Seeing the offspring that grew up in, more or less, the '90s, in the digital world of today, one would assume that all coming-ofage humans of the late 20th century are outfitted with then skills, knowledge, and love for modern-day technologies such as cell phones, video games, computers, PDAs, stereos, and whatever else new whizbang gizmo that's out there. Granted, I'm with the majority here in agreeing on the issue. However, I must say I personally missed that memo on technology. Contrary to what my age may presume about me, I'm not exactly a 21st Century Digital Warrior dignitary like so many of my brethren. In fact, I'm far from it. To put it bluntly, me and anything electronic just don't see eye-to-eye. I'm more of the type to follow the instructions (although it still puzzles me why they even have instructions because they never seem to work, or they're so damn complicated you need a computer science degree just to follow!) for about 2.4 minutes, get frustrated and yell for help, which usually comes in the form of my younger brother, the resident tech ambassador. Now don't get me wrong, I do know enough to get through my everyday necessities, but that's about the extent of things. On the flip side, I can't say that it's not because I don't enjoy the convenience of everything at the click of my finger, but I'm just not all gung-ho about technology, it's not my bag. I own the bare necessities and that's it.

It's been over five years now since, what is probably the most popular gizmo ever to be created, the Apple iPod came out. When I first heard of the iPod it was about as interesting to me as whatever the latest plastic-molded-Mickey-Mouse-Club-protgpuppet's CD was coming out. It was plain and simple to me: What am I going to do with an iPod, and, more important, when will I ever use it? Even after several years of its launch, it still never generated any interest to me. My friends had them, and it seemed like everyone else had them, yet still they weren't appealing to me. I liked getting in my truck everyday and flipping through CDs until I found the one I wanted. It just didn't feel right to abandon those little discs that I love so much. However, the only reason I ever thought I would get one is because I constantly worried about having over 400 CDs in my car at times, I mean if they were ever to get stolen I'd be lost. Not to mention if you average a CD out at $12 a pop, and you have 400 hundred of them, well that means you would be out roughly $4,800 if they ever got stolen! Anyways, it wasn't until Christmas a few years back that my view changed.

My mom had been trying to buy me an iPod for years for Christmas, but like I said before I just wasn't interested. Well two years back things were different, because sure enough come the 25th I got an iPod from my mom, whether she thought I wanted one or not. Upon opening it I thought: cool. I wasn't disappointed, but I wasn't overzealous either. Then I opened a Bose docking station as well, which is a portable station you can plug the iPod into and listen to it anywhere. At that point I figured I'd give it a try and see where things went. As it turned out, December 25, 2005, is a day that forever changed my life, for that was the day my eyes opened up to the world of highly addictive digital portable music.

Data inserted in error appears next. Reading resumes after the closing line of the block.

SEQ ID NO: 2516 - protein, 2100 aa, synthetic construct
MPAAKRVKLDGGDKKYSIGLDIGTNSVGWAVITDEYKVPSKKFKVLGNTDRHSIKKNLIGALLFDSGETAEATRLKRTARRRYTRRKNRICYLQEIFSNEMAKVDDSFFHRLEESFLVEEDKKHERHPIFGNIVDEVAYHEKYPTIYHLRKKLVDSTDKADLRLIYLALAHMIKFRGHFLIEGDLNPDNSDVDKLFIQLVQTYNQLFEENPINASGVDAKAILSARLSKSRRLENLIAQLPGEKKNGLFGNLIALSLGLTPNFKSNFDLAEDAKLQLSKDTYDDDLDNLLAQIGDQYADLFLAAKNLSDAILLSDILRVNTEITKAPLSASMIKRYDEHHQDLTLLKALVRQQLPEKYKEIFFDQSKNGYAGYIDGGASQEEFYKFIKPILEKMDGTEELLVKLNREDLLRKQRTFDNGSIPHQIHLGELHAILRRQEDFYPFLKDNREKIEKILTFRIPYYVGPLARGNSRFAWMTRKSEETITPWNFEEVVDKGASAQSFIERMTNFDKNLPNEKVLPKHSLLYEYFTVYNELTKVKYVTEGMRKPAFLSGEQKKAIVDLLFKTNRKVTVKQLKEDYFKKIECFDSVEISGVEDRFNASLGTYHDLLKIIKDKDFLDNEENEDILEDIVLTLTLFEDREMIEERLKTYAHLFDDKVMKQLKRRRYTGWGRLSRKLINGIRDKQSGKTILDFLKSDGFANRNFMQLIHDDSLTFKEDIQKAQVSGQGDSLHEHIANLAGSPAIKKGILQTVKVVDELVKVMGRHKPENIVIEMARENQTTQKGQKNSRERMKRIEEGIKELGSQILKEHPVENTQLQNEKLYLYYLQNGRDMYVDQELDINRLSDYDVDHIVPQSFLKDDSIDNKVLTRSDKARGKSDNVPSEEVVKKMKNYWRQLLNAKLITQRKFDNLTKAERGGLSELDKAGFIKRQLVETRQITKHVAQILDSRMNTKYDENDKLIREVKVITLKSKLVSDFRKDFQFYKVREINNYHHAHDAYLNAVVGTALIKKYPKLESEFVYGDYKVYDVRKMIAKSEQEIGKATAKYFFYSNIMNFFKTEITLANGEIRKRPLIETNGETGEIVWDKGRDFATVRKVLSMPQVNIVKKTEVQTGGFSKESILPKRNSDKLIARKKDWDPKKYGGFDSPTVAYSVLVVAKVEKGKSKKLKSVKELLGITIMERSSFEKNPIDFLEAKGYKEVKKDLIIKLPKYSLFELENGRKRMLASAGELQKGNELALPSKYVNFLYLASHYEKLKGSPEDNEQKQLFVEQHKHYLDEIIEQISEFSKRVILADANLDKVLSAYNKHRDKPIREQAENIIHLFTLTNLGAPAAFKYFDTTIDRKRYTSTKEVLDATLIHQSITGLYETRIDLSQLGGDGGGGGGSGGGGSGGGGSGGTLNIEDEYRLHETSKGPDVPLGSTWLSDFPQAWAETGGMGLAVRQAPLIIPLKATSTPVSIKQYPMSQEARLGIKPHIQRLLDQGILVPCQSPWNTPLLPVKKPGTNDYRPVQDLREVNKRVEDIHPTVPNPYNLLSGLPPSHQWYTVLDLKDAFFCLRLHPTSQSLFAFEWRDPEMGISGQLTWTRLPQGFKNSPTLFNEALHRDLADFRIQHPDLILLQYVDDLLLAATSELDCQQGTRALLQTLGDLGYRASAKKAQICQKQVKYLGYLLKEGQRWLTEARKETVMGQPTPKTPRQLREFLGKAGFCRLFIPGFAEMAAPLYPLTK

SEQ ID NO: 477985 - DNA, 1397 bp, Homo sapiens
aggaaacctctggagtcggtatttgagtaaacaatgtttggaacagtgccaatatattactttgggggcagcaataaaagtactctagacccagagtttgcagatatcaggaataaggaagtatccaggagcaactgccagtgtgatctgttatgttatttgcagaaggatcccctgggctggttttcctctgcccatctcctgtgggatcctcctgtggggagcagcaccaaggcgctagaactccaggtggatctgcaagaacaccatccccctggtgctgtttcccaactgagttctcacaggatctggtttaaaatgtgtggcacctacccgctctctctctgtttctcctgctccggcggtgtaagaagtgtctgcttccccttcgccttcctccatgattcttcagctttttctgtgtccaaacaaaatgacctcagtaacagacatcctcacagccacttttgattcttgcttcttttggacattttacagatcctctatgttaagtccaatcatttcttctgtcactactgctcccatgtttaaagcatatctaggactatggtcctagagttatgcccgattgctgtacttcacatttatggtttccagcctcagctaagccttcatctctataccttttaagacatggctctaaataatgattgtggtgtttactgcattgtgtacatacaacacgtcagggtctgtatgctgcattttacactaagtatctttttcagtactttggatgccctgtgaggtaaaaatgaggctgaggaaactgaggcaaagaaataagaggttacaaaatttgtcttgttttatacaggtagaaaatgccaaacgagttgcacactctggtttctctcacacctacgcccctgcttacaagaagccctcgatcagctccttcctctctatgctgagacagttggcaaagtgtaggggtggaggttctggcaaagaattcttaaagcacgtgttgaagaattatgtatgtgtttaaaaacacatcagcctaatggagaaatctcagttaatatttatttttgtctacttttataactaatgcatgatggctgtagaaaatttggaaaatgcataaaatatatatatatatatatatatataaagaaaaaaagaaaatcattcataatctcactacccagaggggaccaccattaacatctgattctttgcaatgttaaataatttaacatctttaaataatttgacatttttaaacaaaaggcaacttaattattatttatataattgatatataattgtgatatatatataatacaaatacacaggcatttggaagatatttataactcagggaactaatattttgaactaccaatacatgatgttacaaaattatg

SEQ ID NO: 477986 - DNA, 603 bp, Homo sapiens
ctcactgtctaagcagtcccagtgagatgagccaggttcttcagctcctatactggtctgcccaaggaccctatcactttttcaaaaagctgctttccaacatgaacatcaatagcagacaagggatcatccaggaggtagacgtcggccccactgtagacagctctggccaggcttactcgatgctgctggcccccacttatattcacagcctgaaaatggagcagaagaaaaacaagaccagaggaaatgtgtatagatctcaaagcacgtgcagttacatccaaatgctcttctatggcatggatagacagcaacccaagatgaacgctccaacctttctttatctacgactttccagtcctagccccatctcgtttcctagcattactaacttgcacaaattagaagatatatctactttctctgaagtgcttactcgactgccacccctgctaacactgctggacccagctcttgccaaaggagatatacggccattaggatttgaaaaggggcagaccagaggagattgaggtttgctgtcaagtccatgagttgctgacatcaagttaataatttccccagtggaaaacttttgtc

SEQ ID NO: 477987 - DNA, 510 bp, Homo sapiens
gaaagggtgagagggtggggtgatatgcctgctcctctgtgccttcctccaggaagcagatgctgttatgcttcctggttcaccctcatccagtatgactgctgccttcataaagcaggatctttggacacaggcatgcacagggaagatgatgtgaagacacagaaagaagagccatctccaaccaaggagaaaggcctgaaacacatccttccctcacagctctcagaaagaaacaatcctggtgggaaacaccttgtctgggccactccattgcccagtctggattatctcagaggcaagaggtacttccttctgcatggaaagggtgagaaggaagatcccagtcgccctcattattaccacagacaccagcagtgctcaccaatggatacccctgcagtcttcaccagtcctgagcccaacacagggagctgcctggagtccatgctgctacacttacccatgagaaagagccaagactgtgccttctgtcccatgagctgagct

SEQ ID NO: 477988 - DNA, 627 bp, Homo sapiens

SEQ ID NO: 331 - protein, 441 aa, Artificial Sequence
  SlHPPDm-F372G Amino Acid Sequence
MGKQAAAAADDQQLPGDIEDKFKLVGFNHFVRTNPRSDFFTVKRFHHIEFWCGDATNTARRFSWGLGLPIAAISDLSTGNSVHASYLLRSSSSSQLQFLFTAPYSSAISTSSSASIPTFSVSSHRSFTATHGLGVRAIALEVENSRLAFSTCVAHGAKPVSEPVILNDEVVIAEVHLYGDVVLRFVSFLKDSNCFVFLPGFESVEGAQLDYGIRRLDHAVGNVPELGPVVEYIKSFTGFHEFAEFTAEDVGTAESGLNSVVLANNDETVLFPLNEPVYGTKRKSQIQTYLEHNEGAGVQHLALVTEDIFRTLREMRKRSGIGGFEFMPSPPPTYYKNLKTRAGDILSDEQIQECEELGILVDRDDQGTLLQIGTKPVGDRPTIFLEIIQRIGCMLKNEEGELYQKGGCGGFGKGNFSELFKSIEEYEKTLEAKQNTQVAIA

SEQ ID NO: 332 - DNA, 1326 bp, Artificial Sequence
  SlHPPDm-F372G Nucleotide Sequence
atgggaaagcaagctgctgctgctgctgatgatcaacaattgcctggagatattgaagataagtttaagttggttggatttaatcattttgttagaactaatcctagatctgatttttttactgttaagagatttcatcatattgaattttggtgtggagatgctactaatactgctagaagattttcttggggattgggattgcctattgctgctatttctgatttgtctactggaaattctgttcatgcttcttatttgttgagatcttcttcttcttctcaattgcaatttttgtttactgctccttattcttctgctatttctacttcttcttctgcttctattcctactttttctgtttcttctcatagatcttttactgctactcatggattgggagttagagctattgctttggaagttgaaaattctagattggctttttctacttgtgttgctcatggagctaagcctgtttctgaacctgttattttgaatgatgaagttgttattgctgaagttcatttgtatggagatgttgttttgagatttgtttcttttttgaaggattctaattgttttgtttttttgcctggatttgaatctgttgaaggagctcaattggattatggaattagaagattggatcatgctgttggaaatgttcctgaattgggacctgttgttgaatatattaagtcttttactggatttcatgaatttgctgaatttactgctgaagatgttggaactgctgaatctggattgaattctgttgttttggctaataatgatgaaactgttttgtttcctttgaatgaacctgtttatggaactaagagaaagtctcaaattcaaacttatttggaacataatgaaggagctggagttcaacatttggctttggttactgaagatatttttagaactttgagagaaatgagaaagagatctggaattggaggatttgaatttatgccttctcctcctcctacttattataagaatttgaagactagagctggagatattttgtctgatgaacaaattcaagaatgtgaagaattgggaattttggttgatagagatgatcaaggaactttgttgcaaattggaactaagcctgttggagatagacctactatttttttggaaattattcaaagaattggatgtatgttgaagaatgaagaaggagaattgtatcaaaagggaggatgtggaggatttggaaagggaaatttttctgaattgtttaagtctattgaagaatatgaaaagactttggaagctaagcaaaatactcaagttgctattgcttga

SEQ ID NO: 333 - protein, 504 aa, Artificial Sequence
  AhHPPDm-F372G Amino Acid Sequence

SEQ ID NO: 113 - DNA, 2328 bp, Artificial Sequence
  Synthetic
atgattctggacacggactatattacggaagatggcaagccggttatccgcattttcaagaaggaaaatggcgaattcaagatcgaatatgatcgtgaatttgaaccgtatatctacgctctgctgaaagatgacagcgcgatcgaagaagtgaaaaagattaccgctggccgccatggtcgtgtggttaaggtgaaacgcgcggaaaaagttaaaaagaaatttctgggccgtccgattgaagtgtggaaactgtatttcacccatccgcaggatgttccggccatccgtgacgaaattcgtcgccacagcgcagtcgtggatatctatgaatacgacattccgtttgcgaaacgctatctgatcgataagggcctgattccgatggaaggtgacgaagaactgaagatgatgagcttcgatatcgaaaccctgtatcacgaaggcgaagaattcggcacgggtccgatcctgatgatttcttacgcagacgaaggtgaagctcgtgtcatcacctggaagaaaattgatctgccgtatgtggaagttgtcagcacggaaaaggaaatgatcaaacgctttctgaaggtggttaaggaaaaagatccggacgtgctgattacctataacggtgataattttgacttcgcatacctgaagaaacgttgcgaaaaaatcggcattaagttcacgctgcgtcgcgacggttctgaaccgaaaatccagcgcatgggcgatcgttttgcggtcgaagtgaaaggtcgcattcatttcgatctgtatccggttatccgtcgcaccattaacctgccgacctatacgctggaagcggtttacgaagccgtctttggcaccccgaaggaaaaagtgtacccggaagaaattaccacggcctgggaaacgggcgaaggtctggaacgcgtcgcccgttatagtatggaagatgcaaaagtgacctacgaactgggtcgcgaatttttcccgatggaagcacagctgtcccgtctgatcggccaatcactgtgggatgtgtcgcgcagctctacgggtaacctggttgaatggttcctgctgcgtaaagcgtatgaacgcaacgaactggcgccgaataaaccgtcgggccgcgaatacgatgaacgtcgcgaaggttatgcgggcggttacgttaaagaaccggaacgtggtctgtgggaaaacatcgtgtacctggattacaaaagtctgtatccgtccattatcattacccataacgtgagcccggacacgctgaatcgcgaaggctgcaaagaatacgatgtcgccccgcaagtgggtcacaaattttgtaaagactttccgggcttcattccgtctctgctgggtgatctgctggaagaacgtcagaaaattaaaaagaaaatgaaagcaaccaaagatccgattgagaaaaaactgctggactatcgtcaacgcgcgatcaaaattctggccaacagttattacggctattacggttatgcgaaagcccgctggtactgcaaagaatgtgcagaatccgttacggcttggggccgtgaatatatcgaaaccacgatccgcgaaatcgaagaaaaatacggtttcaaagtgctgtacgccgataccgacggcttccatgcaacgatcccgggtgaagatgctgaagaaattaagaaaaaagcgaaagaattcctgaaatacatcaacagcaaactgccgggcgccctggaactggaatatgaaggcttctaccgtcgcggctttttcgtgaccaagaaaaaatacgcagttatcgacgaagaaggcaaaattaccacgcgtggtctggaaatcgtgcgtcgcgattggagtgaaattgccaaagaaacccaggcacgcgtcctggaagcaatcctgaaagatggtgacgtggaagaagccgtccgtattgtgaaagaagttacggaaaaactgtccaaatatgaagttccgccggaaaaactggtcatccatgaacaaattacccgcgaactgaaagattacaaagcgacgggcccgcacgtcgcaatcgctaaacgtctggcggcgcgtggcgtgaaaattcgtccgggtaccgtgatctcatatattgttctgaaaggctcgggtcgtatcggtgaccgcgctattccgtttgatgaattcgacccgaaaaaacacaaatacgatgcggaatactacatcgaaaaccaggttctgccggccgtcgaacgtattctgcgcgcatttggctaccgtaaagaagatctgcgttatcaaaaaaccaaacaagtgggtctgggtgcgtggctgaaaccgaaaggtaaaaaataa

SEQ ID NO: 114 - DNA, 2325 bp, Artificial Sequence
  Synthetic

I immediately imported every CD I owned on to it, which meant no more carrying around a giant CD case or a sense of urgency to run to my truck making sure my plastic ecstasy was still in place. From there I bought an auxiliary cable to hook my iPod up to my truck stereo, and my stereo at home-and I had my docking station. So now whether I was in my truck, bedroom, living room, garage, porch, bathroom, or just out and about, that iPod was in heavy rotation. Needless to say, it was only a matter of about two weeks before that black hunk of metal and plastic became entwined in my everyday life. Even my daily ritual upon leaving my house shifted to a quick rundown of keys, wallet, phone ... and now iPod. Honestly, I feel naked and lost without it! (Especially these few past weeks while my truck has sat in the shop, to top things off I also was rekindled with how bad radio is.) It's ridiculous.

By now you're probably wondering what does any of this have to do with custom trucks, well it's simple. With the evolution of the iPod, and iPod accessories, it's capable of going anywhere, including into our custom classic trucks. Almost all aftermarket stereos nowadays have the capability of hooking up to an iPod, and some even have a built in dock that is capable of being mounted anywhere that even charge the iPod through the vehicle's electric system. Companies are even making period-correct receivers for our classics that are iPod compatible. Nowadays, whether you're driving, at a show, or just parked and relaxing, those little suckers will crank out tune after tune after tune by just hitting play on a specified album, or selecting random. No more swapping CDs or caravanning them around. On top of that you can upload photos (you could go ahead and toss your beloved wallet photos of the hauler), movies, TV shows, insert contact names and numbers, calendars, notes ... all sorts ofm things. Worried about space? I have 6,000 songs on mine and I can still hold 4,000 more, and I have one of the smaller iPods. No truck should be without one, and the best part is they're also incredibly easy to use. If you can operate a microwave, you can navigate through an iPod! It might sound absurd now, but go get one and it will change your life forever. Just be careful, because it won't be too long before you become completely dependent. For all you non-believers, just go ask anyone who has one.-Dakota Wentz